Sunday, March 15, 2009

Bitterwood by James Maxey


by James Maxey

Mass Market Paperback: 486 pages
Publisher: Solaris
First Released: 2007

Source: Bought on

Back Cover Description:
It is a time when powerful dragons reign supreme and humans are forced to work as slaves, driven to support the kingdom of the tyrannical ruler King Albekizan.

However, there is one name whispered amongst the dragons that strikes fear into the very hearts and minds of those who oppress the human race. Bitterwood. The last dragon hunter, a man who refuses to yield to the will of the dragons. A legend who is about to return, his arrow nocked and ready, his heart full of fiery vengeance...

Bitterwood plans to bring the dragons to their knees. But will he bring the remnants of the human race down with him?

This book is a traditional fantasy in theme, but it's set in a somewhat apocalyptic future on Earth. The story is fast-paced with complex, interesting characters. Each character has his/her own priorities and values which adds complexity to the conflict. The story is told from many viewpoints, but the story is clear and easy to follow despite the strange names and many characters.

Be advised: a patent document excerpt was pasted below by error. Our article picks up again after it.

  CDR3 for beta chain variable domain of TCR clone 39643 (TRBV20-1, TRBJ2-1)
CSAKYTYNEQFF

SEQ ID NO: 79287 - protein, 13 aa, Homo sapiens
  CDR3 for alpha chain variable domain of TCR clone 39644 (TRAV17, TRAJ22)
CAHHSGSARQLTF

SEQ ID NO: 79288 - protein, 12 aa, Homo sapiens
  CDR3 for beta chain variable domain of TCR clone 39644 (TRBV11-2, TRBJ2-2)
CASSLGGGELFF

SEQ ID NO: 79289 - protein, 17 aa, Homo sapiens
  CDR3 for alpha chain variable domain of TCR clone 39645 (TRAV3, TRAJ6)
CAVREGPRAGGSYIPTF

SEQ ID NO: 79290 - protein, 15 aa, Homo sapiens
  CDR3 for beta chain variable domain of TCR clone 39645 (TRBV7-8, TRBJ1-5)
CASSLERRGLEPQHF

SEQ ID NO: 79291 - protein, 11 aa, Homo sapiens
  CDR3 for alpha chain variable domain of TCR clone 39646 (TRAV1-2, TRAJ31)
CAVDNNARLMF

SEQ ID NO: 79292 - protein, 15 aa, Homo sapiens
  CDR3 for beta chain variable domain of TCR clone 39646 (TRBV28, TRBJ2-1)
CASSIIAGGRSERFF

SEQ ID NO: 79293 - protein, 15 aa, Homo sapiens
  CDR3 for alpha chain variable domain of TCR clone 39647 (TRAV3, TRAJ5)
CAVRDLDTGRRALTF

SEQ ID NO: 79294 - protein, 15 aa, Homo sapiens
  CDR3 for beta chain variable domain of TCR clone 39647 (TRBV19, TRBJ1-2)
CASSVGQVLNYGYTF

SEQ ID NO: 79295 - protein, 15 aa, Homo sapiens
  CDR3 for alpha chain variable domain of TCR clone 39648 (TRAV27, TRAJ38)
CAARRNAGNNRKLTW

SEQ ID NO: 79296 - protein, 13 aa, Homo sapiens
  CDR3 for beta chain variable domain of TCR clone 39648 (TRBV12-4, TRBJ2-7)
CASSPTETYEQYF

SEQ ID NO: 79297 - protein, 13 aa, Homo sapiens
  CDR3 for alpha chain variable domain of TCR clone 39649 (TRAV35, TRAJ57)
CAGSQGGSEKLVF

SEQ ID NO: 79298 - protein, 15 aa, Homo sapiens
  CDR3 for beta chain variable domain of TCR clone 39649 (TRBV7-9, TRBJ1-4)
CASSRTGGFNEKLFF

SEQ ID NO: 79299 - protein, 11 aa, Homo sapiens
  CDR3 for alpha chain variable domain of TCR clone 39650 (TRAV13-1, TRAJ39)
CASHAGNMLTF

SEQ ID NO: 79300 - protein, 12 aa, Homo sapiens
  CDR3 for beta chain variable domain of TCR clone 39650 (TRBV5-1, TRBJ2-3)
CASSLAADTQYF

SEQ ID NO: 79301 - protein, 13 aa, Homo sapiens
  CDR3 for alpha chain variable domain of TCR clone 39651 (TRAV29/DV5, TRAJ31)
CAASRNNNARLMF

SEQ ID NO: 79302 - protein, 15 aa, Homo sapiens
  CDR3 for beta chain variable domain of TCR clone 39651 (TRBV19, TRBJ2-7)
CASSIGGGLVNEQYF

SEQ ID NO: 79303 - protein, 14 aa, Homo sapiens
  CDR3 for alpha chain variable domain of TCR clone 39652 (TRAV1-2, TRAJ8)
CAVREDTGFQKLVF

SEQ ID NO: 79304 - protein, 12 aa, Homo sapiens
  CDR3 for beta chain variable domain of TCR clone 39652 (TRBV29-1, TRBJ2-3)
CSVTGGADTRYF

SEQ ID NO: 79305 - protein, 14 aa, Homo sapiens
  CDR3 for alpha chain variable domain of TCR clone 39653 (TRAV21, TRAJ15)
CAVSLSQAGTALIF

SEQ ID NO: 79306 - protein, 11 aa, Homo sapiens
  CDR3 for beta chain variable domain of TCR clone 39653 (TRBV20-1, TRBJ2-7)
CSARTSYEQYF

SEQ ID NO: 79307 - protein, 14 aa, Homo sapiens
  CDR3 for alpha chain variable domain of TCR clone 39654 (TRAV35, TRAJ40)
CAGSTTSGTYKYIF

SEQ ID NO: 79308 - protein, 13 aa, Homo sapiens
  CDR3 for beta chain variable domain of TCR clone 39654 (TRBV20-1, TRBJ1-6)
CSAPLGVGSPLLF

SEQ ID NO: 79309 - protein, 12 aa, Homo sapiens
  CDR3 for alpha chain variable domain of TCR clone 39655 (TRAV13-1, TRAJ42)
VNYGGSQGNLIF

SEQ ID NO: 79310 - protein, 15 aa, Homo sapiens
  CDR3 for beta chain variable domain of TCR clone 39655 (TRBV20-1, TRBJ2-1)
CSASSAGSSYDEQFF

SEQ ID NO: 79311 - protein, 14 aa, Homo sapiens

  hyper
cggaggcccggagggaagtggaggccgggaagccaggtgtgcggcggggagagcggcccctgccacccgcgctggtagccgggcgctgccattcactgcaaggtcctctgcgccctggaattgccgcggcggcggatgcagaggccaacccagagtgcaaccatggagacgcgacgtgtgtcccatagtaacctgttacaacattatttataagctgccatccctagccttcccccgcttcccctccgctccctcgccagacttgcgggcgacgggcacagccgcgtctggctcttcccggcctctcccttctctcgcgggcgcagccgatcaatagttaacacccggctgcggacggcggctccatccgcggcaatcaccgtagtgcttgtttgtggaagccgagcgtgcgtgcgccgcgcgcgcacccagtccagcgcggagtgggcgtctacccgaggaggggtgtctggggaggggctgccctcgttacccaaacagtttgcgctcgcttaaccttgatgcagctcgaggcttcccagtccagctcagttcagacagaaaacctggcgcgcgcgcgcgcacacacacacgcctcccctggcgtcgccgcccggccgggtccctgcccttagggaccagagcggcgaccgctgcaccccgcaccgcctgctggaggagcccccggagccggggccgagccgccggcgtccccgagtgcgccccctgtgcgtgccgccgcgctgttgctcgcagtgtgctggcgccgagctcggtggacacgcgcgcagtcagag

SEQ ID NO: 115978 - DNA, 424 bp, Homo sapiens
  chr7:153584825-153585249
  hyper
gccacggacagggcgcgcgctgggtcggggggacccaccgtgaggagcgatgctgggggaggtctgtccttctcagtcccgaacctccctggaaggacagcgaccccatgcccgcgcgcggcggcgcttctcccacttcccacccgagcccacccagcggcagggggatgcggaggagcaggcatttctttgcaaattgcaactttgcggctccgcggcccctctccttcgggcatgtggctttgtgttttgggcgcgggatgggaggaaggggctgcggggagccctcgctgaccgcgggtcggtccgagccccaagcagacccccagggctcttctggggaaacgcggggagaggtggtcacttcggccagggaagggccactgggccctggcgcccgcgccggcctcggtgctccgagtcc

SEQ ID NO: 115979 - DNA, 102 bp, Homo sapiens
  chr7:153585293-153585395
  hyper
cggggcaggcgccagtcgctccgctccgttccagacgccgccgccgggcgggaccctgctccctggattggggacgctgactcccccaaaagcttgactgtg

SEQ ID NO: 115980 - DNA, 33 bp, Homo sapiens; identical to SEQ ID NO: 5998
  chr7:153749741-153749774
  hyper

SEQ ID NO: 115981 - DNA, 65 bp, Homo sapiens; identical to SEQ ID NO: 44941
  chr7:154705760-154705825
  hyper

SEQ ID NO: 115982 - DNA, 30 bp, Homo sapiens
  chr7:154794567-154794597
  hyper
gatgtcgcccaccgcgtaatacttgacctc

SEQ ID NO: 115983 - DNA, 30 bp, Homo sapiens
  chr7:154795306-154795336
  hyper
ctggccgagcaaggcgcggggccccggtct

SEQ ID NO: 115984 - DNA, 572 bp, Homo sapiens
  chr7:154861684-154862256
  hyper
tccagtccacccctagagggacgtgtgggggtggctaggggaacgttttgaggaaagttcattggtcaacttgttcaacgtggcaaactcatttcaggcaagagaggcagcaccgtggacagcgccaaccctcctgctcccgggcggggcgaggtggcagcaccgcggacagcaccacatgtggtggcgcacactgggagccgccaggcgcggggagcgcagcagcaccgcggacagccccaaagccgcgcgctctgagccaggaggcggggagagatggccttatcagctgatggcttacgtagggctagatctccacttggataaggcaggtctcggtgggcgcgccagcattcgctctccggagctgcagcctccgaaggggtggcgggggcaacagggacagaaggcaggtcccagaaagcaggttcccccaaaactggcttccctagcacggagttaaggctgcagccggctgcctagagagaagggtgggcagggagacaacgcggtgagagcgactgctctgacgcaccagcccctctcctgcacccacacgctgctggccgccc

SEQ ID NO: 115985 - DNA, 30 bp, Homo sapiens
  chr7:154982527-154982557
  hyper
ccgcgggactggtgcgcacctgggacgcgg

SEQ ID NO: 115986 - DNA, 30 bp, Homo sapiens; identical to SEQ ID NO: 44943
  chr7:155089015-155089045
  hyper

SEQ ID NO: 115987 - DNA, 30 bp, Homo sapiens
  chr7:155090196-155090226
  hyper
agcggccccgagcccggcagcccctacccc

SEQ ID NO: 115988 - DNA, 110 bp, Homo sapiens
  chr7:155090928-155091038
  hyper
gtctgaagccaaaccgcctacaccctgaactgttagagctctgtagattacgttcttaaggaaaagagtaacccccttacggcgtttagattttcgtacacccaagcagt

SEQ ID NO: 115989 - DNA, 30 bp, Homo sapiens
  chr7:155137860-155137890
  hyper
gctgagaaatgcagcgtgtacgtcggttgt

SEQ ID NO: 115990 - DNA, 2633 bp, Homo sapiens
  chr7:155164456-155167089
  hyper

The world-building is excellent overall, but some small details remained unexplained. (For example, Jandra's unending supply of silver dust in her belt pouch despite the way she's always throwing handfuls of it into the air). The details weren't major ones, but the lack of any explanation gave the story a slightly implausible edge in my mind.

There was no sex, nor do I remember any cussing. The magic involved is [spoiler!!!!!] actually high technology [spoiler end]. Overall, I'd rate this book "very good, clean reading."

If you've read this book, what do you think about it? I'd be honored if you wrote your own opinion of the book in the comments.

Excerpt: Chapter One
The sad little fire gave out more smoke than warmth. The hunter crouched before it, turning a chunk of ash-flecked meat on the flat stone he'd placed amidst the coals. The movement of the stone stirred more smoke. The hunter coughed and wiped soot from his eyes. He stretched his bony, knotted fingers above the embers, fighting off the chill. He was a thin man, hair shoulder-length and gray, the deep lines of his leathery face forming a permanent frown. He pulled his heavy cloak more tightly around him.

In the tree above him hung the body of a dragon, blood dripping from its mouth.

The creature was a sky-dragon, the smallest of the winged dragon species. Strip away the ten-foot wings and the long tail, and a sky-dragon was no bigger than a man and half his weight. They were known as sky-dragons both for their prowess in flight and their coloring, the pale, perfect blue of a cloudless day. The hunter had killed many sky-dragons over the years. They weren't particularly dangerous. Despite talons ending in two-inch claws and crocodilian jaws full of saw-like teeth, sky-dragons prided themselves on being civilized. The beasts fancied themselves as artists, poets, and scholars; they considered it beneath their dignity to engage in such menial work as hunting.

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